What is the deal with software patterns?

If you’re someone who has always programmed in a very high level language such as Python, you may have wondered: “What is the deal with the Gang of Four software patterns book anyway?!”

The GOF idea of a pattern is inspired by a wonderful planning and architecture book called A Pattern Language. It’s a gem! It’s in your local library!

Here’s a representative example (and some good advice):

Whenever you build a balcony, a porch, a gallery, or a terrace always make it at least six feet deep. If possible, recess at least a part of it into the building so that it is not cantilevered out and separated from the building by a simple line, and enclose it partially.

This instruction is preceded by a couple of hundred words of justification, including:

Balconies and porches which are less than six feet deep are hardly ever used.

There are 253 of these patterns. They’re practical, concrete advice. They’re generic, but they’re not abstract.

The GOF patterns are very different in character. They manage to pull off the trick of being both very abstract and very low level. As a result, the book has had relatively little practical impact on day-to-day software engineering, despite its high profile.

Don’t take my word for this. This fantastic Brian Marick talk does a great job of explaining why Pattern Language works and the GOF book didn’t.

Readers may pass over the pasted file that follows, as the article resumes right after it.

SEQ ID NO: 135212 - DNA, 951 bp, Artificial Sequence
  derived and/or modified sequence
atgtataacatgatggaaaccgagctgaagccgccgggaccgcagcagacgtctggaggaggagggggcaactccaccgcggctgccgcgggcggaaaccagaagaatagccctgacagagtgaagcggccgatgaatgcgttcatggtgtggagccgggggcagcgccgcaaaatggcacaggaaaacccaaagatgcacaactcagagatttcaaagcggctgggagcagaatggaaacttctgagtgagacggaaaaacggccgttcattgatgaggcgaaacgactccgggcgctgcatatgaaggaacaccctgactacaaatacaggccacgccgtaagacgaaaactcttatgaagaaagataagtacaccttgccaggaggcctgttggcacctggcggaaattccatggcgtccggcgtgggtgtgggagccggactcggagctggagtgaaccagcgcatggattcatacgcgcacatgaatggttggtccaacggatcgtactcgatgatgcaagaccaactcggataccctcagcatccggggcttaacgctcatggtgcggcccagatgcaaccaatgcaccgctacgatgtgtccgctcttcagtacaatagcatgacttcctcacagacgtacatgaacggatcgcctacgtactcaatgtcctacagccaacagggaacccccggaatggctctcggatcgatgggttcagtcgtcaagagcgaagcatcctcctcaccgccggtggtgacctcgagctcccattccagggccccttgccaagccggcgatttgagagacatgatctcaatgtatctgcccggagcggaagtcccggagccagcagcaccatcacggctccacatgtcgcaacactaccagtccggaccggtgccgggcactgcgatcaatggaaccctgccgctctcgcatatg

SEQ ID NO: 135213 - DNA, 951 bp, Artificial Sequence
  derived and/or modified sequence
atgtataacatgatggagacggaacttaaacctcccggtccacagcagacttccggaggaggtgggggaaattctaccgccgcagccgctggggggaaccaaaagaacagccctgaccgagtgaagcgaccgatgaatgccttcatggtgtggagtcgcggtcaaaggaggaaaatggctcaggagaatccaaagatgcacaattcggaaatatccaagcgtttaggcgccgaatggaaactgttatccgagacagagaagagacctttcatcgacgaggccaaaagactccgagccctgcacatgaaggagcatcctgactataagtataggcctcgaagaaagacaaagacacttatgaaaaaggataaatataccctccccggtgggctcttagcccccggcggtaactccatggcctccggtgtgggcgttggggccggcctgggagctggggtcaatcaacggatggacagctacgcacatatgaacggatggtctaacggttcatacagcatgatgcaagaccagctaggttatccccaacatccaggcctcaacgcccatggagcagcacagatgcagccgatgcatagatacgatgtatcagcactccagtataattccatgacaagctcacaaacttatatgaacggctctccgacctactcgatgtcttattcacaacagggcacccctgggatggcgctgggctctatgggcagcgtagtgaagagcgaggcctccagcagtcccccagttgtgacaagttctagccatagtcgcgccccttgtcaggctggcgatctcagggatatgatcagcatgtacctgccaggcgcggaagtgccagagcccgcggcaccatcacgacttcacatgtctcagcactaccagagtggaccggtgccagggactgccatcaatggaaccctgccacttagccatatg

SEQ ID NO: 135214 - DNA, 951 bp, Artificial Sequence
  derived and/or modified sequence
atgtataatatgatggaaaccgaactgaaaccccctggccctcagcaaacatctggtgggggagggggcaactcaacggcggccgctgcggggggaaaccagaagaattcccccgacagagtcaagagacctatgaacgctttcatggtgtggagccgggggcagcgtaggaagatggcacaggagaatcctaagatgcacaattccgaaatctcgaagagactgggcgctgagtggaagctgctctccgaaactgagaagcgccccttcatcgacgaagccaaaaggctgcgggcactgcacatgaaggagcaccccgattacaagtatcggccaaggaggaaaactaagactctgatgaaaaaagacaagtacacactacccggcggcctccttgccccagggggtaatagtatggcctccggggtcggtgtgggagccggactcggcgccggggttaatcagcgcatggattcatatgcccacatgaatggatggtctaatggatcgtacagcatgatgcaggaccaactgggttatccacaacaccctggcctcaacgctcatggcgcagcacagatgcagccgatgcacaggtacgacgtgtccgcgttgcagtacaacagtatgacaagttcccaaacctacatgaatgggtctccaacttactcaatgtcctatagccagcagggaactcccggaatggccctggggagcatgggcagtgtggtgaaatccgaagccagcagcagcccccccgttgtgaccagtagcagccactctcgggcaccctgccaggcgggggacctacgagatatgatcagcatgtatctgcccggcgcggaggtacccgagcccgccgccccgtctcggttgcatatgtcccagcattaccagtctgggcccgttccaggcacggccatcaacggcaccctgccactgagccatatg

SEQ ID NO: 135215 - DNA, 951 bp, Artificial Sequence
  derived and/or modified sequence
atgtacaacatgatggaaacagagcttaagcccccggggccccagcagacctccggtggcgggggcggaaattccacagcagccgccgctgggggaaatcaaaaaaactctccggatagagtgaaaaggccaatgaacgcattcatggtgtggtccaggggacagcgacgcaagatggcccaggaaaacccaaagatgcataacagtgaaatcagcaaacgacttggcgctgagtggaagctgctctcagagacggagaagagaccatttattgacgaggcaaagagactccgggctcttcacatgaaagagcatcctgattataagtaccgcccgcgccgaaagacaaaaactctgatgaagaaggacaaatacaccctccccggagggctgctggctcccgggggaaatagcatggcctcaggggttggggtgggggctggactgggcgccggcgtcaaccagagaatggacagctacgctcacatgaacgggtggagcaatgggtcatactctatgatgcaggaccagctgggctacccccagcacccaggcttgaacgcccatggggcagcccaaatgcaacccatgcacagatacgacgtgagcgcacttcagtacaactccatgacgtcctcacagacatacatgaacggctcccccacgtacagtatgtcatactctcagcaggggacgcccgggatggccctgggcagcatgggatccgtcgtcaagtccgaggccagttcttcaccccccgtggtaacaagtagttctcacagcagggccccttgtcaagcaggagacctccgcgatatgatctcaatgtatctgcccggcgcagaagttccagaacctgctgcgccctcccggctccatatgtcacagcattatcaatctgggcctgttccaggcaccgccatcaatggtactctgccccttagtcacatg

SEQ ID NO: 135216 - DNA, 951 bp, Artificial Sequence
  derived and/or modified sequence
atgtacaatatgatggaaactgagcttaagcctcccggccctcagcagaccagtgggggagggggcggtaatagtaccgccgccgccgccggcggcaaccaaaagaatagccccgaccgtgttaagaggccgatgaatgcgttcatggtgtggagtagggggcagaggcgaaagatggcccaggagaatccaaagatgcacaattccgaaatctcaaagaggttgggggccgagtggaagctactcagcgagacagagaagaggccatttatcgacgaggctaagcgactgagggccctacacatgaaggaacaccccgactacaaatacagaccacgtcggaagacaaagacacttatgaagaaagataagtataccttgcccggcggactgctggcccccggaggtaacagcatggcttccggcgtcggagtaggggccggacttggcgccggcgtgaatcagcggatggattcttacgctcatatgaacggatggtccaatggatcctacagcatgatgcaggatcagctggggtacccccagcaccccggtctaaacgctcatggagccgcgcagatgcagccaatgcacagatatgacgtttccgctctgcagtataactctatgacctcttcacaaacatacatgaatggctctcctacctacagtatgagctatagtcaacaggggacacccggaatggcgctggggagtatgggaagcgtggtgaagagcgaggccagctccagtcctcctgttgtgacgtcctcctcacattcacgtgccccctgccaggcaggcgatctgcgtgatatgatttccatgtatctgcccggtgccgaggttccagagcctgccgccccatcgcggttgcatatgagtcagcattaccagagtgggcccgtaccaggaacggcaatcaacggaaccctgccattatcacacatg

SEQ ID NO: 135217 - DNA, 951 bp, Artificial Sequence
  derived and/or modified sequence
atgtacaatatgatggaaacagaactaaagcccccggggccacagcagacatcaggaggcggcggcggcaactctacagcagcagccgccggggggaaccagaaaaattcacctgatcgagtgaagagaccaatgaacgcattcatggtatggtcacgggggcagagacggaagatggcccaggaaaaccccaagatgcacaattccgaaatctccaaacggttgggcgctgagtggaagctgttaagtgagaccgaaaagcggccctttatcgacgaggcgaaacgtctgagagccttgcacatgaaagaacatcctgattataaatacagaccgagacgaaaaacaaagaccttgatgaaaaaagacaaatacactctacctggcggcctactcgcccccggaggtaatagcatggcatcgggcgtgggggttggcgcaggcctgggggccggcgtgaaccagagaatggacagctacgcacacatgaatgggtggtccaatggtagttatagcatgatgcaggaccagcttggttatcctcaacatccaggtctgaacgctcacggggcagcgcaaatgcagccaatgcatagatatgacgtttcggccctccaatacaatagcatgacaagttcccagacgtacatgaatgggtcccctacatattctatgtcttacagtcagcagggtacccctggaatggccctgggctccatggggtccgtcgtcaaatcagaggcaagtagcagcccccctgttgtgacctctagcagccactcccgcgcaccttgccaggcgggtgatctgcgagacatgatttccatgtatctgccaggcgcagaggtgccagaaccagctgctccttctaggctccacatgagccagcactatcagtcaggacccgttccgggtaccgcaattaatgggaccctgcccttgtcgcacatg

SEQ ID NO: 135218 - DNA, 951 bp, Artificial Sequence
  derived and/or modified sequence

In hindsight then, the GOF book didn’t really work. But while its low level and abstract patterns are not useful to most of us (because they’re low level and abstract!), they great things for language designers to bear in mind.

Python’s designers and those of many other modern languages did exactly that, and made these patterns part of the syntax, as explained so well in Brandon Rhode’s guide to the GOF patterns and their applicability to Python. (Brandon’s site is also a great place to start if you are unclear on what a design pattern even is.)

So, the moral of the story is: the GOF patterns are not something most of us need to worry about when we create applications because

  1. they are not actually that useful for application development in any language, and
  2. if you’re using a modern language, they are probably built in to syntax of (or made redundant by the design of) the dang language anyway

But despite that you should watch Brian’s talk and check out Brandon’s patterns site.